Course Hero. "The Chosen Study Guide." Course Hero. 13 July 2017. Web. 16 Jan. 2019. <https://www.coursehero.com/lit/The-Chosen/>.
Course Hero. (2017, July 13). The Chosen Study Guide. In Course Hero. Retrieved January 16, 2019, from https://www.coursehero.com/lit/The-Chosen/
(Course Hero, 2017)
Course Hero. "The Chosen Study Guide." July 13, 2017. Accessed January 16, 2019. https://www.coursehero.com/lit/The-Chosen/.
Course Hero, "The Chosen Study Guide," July 13, 2017, accessed January 16, 2019, https://www.coursehero.com/lit/The-Chosen/.
It is September 1945 and the boys begin the school year at Hirsch College, a building sitting in the shadow of a large cross. Reuven Malter is excited by his classes. He finds he likes the rigidly Orthodox structure of the school, with Talmud until the midafternoon and then secular coursework through the evening. He is working hard, often staying up past midnight to do his homework. David Saunders jokes that he is doing all four years in one. On weekends, Reuven studies the Talmud with his father.
Danny Saunders, on the other hand, is miserable. While he is in the highest Talmud class with a noted Talmudist, Rav Gershenson, he is dismayed by the orientation of the psychology department. His psychology professor, Nathan Appleman, does not teach Freud. Rather, he teaches experimental psychology, using mice, mazes, and lots of math. Being the star of Talmud and the arbiter of disputes does not cheer Danny up. He is not a good math student, and a B in psychology because of his poor math skills nearly has him switching majors.
One afternoon between semesters, Danny is at Reuven's house. Reuven encourages Danny to speak to Professor Appleman about his concerns. Reuven, to Danny's chagrin, agrees with Professor Appleman that if Freudians aren't willing to test their theories under laboratory conditions, then they are being dogmatic. Finally, Danny agrees. Meanwhile, his eyes seem to be getting worse, but the doctor can't find anything wrong with them.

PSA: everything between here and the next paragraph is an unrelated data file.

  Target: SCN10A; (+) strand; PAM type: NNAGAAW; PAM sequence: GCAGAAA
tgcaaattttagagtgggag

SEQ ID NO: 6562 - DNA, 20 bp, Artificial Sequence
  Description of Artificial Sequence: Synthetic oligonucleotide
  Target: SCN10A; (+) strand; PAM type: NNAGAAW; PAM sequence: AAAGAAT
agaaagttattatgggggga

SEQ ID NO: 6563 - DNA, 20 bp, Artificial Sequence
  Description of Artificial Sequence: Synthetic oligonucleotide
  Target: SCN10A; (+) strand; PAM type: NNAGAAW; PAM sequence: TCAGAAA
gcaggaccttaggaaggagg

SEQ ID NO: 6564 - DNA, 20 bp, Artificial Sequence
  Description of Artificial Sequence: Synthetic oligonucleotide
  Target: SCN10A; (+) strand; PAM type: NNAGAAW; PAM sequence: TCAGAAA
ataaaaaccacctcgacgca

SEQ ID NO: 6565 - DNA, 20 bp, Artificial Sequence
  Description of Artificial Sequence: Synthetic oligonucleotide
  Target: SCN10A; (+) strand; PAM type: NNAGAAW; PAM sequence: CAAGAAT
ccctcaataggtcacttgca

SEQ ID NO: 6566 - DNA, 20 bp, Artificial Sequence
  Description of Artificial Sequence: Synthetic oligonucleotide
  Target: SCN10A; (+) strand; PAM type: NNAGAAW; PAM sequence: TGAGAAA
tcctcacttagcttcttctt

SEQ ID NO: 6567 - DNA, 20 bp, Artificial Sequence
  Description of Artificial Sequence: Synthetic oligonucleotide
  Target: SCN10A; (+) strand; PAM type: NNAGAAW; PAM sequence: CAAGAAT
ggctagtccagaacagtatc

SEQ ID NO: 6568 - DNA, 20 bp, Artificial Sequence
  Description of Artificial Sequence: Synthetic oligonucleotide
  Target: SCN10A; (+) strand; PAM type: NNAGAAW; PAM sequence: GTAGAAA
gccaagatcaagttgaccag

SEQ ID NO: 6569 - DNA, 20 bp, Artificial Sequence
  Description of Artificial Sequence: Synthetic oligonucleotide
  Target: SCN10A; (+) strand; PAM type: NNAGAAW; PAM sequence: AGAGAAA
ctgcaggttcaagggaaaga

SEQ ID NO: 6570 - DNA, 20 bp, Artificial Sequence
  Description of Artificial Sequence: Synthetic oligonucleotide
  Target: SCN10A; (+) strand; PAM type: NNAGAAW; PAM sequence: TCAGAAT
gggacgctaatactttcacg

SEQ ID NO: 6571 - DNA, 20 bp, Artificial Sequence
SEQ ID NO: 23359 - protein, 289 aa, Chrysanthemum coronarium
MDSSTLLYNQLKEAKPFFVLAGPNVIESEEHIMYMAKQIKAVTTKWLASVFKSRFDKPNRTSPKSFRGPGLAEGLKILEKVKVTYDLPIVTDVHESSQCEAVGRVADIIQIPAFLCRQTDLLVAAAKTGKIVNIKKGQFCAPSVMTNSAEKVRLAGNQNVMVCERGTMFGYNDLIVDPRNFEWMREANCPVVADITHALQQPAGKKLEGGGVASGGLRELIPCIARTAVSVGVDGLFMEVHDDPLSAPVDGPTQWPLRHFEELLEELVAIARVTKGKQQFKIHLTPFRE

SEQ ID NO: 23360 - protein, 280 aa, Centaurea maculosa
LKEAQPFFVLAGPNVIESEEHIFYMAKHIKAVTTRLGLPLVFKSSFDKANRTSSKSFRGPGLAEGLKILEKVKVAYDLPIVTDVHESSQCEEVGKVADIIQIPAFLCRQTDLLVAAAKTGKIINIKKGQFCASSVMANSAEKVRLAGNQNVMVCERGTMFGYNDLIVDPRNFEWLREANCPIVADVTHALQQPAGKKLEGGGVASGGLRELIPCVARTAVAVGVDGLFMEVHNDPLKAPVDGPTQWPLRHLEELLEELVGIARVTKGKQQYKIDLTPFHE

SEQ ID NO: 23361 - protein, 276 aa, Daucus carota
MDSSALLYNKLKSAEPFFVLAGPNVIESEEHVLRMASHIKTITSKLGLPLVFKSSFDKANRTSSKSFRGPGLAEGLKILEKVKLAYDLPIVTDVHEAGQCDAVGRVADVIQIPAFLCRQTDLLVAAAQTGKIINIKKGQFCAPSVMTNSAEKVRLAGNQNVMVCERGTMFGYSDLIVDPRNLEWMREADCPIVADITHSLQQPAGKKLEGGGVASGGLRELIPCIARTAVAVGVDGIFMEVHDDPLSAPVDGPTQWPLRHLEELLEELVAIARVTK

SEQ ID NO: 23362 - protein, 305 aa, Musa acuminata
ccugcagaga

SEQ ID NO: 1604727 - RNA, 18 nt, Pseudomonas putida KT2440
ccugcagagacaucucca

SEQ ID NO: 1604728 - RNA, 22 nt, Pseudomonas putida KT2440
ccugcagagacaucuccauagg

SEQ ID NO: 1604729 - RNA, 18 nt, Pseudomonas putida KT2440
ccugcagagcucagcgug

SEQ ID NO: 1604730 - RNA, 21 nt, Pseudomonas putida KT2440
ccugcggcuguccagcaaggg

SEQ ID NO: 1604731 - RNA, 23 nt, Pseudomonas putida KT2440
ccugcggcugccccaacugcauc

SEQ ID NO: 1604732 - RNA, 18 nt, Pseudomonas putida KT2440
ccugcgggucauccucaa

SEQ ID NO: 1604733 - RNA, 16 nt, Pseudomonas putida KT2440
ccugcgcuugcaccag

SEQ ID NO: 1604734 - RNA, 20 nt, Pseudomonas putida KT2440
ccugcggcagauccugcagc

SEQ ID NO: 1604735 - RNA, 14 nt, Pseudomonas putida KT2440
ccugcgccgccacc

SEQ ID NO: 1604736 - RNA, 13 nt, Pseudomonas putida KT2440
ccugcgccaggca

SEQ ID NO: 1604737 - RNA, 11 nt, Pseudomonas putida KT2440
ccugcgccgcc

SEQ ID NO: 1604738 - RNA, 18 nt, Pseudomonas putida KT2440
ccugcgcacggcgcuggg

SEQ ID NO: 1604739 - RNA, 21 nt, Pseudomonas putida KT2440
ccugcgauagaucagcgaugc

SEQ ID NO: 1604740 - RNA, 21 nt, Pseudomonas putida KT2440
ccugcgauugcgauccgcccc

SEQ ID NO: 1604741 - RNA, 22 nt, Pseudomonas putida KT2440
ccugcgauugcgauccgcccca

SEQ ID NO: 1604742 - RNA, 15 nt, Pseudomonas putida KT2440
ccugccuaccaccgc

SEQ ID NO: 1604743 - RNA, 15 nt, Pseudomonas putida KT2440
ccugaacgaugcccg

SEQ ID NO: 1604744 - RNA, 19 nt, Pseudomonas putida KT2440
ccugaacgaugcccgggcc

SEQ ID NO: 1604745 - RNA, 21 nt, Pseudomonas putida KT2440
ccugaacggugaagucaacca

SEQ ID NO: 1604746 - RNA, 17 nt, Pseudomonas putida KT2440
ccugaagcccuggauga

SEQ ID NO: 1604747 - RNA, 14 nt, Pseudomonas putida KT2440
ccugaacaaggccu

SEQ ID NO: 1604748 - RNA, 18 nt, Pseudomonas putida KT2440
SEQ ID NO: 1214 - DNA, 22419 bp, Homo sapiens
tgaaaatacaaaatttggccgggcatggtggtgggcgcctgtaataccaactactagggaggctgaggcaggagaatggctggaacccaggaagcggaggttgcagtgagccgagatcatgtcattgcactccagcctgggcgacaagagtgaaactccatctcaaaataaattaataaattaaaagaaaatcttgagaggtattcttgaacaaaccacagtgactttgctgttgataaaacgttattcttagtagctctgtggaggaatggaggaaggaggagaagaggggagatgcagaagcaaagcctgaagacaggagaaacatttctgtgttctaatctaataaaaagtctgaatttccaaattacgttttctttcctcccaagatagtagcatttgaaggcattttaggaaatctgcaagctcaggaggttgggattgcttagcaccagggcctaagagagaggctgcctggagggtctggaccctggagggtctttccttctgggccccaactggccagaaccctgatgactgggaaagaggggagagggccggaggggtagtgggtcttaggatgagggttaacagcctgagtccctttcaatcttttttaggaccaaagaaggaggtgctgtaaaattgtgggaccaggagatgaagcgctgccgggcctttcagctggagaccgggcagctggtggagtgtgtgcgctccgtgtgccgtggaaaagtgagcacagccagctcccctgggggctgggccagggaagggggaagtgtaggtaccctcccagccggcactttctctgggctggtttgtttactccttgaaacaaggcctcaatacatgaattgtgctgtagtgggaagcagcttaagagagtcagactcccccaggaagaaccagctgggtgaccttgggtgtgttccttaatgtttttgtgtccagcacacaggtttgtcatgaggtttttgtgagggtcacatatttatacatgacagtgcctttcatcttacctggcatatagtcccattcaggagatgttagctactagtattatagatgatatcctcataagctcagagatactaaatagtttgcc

Danny tells Reuven that his father is concerned they are no longer friends; Reuven has not been to Danny's house on Shabbat for two months. Danny invites Reuven for Shabbat but Reuven declines; his father is teaching him the scientific method of Talmud study. Danny jokes that he should not try that with Rav Schwartz, Reuven's Talmud teacher, and definitely not with Rav Gershenson, Danny's teacher.
David asks Reuven what he and Danny were talking about. Reuven tells him about his conversation with Danny and his advice to speak to his professor.
David Malter has not been well of late. He constantly has a cold and is getting very little sleep. He is throwing himself into the Zionist cause, attending rallies, teaching adult education classes, raising money, and making speeches. Reuven pesters his father about his health and David assures him he will see the doctor. He tells Reuven that now is not the time to take it easy, and asks, "The Haganah and Irgun boys who die are taking it easy?" The Haganah is a group that smuggle Jews into Palestine through the British blockades. The Irgun is a terrorist group, committing acts of violence against British targets. David is sickened by the violence, but more sickened by the continued British nonimmigration policy. David asks his son, "Do you know what the rabbis tell us God said to Moses when he was about to die?" He goes on to say, "You have toiled and labored, now you are worthy of rest." Reuven is distressed by the tone of this conversation. David continues, "A life filled with meaning is worthy of rest. I want to be worthy of rest when I am no longer here."
David apologizes for being blunt and says he will live for many more years. He is trying to impart to Reuven that he is doing things he deems important now. The Malters go on to speak of other things, Reuven now assured by his father that he isn't dying. They begin to speak of American Jews and their return to the fold; a friend of David Malter's from his childhood in Russia, Jack Rose, has donated money to the cause. He is a thoroughly assimilated Jew but has built a temple so that his grandchildren will have a good Jewish education. Reuven jokes that he pities his rabbi. David says, "If you become a rabbi," and Reuven corrects him with, "When I become a rabbi."